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protection of human rights. for important. -- very important. just weeks before the end of president calderon's, there was a reform to the accountability, a bill to strengthen the accountability of state and local governments of mexico. there was a new labor law which i would say is very significant for the years to come. but in general, i would say the political system and mexico in the past 15 years has changed very, very little. why? why did mexico not transformed over the past 12 years? in 2000 in washington, it was a fashion to talk about a new beginning and mexico.
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-- in mexico. many began to experience some sort of frustration. why? i would say that mexico focus on elections. this idea that clean elections was the main route to a modern democracy was a mistake. many argued in those years that getting rid of the pri was everything, and the problems in mexico's politics was about people, not institutions. one idea, i think it is behind the lack of transformation in mexico. so what can we expect? i would say that we can expect a
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wave of structural reforms in mexico, telecommunications and their use, education. if 2000 what is symbolic arrival of democracy, an important moment, it was more symbolic than real. today, in 2012, 2013, real changes will begin to happen. it is not just about people. it is about the moment of the deepening of some economic reforms that were initiated in the 1980's an 1990's. probably we will see some
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action. in 2000, i was talking in a seminar at the americas society new york in the month of march march. it was about the anniversary of the new administration. it is premature and unjust to qualify his first hundred days in office. i would say it has been full of promises, programs, a great communication skills. but very few achievements, even lack of direction. his actions in office were insufficient. he was full of promises, but few actions. one of the new signs of the new administration in mexico is that it is being full of actions, rather than just -- this is not
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just something that has been part of that administration. i see two scenarios for the coming years in mexico. the first one is that this becomes the beginning of the most relevant period of political transformation in mexico's modern history. if 2000 was symbolic of democracy, the next can be transformations of the political
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system. fighting corruption, building a rule of law, broughtpromoting a culture of legality. the second scenario is after an initial series of changes in education, transparency, the administration focuses its attention to economic reforms, leaving behind political ones. energy reform, tax reform, and shaking up of the social security system. mexico becomes some sort of a rising star in the financial markets. therefore, if that happens -- it is likely that will happen -- we will see some sort of comfort in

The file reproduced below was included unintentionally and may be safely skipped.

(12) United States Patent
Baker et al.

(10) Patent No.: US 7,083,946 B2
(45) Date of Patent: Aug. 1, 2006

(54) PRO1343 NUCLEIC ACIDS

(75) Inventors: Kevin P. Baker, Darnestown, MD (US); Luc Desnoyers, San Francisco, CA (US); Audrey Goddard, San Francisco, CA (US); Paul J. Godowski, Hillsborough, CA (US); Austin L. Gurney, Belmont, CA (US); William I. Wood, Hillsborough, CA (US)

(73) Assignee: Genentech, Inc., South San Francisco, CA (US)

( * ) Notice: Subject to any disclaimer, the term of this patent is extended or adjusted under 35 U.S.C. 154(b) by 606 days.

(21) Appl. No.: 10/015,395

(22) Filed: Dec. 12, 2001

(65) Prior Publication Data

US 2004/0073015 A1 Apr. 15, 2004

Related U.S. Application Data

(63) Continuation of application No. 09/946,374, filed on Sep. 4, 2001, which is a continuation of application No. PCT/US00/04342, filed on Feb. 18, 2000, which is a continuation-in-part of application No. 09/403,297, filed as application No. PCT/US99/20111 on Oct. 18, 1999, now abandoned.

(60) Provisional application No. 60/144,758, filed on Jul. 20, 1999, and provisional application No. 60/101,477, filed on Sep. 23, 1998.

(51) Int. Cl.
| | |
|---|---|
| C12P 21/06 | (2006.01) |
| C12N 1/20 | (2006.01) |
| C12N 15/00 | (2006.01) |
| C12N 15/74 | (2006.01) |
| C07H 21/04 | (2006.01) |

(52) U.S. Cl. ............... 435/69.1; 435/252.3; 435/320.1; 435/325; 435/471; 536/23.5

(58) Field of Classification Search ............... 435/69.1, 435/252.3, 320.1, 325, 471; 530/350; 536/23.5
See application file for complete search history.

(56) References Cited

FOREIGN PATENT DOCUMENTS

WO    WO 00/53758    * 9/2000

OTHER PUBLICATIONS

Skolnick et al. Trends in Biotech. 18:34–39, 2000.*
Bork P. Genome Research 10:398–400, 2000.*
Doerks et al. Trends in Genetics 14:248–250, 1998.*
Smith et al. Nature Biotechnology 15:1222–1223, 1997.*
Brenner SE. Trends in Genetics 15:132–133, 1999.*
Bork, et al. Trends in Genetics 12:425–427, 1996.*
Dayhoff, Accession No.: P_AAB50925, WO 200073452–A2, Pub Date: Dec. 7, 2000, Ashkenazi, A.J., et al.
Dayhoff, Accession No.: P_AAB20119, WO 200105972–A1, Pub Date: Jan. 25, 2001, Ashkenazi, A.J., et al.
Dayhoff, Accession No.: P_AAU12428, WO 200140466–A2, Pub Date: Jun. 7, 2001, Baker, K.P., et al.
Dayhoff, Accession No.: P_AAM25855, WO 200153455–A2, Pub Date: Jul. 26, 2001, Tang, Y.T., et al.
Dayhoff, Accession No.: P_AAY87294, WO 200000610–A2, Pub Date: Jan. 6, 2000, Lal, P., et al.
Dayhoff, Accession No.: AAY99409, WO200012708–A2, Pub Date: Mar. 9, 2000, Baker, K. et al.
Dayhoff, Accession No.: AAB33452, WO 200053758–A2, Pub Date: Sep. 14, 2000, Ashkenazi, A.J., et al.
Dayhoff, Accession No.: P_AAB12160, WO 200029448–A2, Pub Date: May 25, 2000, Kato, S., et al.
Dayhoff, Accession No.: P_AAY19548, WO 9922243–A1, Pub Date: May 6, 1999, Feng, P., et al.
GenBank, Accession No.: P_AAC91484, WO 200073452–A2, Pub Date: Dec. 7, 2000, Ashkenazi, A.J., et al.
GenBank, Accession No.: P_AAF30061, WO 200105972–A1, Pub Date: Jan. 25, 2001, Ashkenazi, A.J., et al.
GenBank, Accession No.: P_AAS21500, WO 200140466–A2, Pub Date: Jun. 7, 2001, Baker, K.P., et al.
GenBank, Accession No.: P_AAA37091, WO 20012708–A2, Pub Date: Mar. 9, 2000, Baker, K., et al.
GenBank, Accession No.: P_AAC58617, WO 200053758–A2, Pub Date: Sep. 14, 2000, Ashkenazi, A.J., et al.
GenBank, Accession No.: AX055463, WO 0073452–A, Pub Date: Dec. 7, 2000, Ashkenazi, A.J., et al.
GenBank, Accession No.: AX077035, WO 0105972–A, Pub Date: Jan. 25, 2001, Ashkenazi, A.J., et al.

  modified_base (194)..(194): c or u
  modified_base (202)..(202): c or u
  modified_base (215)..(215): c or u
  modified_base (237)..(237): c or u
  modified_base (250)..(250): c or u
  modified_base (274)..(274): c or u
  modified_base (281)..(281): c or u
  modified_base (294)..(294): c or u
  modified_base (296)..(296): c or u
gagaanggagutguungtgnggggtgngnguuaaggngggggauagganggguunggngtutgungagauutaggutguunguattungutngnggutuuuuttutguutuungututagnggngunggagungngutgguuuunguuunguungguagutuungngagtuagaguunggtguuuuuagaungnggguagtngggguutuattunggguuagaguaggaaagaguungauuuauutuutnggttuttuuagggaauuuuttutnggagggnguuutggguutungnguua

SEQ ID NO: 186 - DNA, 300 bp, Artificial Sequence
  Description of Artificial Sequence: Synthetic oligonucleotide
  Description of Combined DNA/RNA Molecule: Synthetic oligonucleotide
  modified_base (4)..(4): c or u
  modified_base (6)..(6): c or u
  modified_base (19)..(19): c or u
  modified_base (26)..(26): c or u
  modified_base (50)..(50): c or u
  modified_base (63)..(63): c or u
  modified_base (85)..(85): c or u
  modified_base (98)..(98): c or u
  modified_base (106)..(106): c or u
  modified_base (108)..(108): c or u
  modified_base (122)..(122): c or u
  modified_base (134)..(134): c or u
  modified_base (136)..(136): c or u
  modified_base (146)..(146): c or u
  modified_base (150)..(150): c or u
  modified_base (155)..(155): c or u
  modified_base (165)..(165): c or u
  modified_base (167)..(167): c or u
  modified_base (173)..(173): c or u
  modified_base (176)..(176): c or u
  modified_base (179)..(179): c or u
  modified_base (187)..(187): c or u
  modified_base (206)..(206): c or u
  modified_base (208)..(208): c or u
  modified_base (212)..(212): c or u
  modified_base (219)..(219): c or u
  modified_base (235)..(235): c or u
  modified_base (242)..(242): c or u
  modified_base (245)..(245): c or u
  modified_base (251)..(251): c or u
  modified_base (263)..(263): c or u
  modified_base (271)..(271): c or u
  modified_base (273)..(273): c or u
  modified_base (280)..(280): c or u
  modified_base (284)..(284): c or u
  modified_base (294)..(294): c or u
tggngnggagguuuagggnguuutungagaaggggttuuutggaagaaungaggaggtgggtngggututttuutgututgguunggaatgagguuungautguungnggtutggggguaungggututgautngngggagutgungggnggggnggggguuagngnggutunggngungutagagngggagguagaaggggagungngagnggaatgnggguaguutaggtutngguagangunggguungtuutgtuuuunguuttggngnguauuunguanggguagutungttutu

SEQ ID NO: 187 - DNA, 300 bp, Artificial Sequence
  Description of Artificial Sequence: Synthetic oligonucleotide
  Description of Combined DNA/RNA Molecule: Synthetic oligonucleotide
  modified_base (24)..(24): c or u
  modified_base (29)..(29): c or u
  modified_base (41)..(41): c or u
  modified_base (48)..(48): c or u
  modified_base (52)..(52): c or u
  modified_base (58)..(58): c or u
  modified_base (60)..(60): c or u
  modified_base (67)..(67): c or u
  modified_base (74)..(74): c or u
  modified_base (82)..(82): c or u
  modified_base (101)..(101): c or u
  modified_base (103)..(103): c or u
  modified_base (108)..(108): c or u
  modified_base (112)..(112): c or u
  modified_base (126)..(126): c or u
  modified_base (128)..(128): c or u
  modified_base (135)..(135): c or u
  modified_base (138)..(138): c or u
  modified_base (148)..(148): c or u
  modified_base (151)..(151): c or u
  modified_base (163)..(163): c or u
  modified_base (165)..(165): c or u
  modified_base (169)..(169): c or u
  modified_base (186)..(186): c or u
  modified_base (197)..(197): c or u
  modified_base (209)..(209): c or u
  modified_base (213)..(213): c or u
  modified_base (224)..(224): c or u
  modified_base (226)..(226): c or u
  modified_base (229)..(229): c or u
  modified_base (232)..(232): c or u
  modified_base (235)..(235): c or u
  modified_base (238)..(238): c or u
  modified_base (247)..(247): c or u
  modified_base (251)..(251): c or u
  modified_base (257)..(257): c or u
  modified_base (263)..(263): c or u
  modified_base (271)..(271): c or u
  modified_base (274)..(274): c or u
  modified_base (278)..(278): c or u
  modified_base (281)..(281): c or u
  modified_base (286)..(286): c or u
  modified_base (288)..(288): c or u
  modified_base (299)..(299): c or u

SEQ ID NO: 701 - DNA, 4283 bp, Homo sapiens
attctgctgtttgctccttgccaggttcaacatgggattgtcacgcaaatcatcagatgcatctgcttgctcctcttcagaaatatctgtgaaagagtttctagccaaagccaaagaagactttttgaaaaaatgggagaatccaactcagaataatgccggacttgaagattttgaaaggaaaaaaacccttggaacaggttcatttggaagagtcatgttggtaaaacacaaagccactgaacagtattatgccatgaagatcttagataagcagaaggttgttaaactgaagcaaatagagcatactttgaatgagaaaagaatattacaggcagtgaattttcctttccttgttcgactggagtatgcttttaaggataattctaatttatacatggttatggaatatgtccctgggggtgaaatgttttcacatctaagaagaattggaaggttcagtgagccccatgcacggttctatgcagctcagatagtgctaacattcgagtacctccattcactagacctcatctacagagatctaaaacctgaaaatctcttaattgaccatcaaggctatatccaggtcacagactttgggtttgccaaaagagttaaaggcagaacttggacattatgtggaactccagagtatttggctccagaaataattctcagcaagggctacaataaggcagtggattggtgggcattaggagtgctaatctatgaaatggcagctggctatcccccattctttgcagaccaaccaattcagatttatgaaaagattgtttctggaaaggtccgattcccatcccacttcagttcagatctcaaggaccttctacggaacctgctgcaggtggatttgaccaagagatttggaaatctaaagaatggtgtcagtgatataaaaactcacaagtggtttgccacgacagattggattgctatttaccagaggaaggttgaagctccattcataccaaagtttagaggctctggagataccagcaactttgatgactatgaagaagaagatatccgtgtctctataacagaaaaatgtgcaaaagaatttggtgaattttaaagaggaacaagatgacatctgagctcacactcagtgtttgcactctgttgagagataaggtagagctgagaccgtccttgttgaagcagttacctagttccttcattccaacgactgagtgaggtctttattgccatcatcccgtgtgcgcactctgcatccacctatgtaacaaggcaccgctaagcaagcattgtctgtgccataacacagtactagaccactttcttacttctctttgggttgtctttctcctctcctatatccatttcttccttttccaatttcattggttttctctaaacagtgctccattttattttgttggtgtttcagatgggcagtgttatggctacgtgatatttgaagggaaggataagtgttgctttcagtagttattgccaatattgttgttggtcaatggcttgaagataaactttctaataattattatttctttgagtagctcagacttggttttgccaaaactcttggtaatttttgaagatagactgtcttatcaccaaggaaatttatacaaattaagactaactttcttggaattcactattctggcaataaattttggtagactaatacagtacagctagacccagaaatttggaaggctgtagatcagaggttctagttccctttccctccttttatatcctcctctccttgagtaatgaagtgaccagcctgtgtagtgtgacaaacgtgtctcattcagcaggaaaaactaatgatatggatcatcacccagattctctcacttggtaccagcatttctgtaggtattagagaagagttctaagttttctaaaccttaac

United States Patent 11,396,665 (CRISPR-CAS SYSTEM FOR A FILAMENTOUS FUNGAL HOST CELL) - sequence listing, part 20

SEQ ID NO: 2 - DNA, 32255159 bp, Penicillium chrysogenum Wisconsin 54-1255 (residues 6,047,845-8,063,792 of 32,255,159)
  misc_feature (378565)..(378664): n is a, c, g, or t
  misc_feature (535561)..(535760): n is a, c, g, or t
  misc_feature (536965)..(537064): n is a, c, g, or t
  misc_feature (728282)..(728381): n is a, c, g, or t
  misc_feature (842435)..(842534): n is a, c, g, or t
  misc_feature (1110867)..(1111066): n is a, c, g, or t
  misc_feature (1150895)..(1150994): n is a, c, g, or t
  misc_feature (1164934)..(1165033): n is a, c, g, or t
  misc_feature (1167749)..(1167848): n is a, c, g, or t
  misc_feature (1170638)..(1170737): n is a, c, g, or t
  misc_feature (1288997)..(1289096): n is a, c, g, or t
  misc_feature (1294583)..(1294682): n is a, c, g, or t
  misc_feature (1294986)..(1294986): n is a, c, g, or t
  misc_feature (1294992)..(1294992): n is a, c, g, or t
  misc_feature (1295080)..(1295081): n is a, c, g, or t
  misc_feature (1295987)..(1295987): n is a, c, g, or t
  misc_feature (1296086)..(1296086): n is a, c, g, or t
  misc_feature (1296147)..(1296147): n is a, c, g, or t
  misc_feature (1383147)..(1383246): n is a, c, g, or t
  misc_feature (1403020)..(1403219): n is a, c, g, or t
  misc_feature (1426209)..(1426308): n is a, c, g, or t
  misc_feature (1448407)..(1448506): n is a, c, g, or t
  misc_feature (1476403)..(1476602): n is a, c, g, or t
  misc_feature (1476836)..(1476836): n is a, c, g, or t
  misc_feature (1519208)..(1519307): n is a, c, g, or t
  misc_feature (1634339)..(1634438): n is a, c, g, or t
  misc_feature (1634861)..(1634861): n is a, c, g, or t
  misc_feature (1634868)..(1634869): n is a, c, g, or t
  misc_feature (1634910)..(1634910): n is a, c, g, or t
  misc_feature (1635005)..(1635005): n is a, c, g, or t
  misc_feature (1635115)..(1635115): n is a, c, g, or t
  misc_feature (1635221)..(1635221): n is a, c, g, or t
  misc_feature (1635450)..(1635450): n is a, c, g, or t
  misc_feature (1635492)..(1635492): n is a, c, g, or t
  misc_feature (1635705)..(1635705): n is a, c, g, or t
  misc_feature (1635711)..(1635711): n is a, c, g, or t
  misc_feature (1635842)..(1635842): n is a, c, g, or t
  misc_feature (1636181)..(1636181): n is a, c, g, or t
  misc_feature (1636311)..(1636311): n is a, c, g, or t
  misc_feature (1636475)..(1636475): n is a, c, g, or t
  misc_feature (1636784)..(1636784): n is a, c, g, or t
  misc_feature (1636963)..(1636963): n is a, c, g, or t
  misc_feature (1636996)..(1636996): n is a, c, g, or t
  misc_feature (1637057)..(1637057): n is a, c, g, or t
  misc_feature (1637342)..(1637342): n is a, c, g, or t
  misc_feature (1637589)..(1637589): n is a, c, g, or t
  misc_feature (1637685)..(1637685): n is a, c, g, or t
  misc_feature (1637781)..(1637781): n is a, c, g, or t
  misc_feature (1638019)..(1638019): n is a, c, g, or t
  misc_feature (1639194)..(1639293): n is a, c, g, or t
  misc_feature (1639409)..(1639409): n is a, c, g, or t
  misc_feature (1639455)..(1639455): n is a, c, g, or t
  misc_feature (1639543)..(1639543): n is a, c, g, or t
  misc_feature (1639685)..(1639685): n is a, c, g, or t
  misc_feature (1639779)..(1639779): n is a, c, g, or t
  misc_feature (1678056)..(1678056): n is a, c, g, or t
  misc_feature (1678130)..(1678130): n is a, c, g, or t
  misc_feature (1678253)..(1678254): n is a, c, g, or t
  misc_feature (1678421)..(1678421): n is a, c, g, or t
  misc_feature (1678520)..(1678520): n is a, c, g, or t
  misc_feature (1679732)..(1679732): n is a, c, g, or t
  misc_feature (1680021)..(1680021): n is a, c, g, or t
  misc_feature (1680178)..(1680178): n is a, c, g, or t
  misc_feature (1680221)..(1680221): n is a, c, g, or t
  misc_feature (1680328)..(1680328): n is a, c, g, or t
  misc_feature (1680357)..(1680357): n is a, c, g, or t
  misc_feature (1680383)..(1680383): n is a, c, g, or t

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mexico. this can be the major obstacle to change the political system. if we perceive that this can happen because there are some international confluence, the fact that the brakes are declining, there is a crisis in europe, macroeconomic conditions in europe -- probably mexico will be a very attractive place for investment in the coming years. we consider ways of economic growth. -- can see ways of economic growth. the incentive to deepen political changes diminishes. but i think we will see some
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i think that the decision for education, zero telecommunications is probably the most important and relevant change we will see -- in telecommunications is probably the most important and relevant change we will see. today, pri has much more power than it had 12 years ago. it has the largest group in congress. that helps a lot in these initial moments of the administration. clinks very much. -- thanks very much. [applause] >> thank you very much. can you tell us where mexico's
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economy has come from, and what reforms are likely now? >> good morning, everyone. he asked me to talk about the mexican economy. reforms are needed and which are likely. that will take the next three days, with no brakes. -- breaks. [laughter] look at briefly what has happened since nafta.
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after the initial the battle in december of 1994, -- debacle in december of 1994, the mexican economy has had a mediocre evolution. mexico could have grown much faster, but what happened? basically, all the reforms that were going around nafta, privatization of a bloated and sector that were producing at close to 20% deficit -- you had to get rid of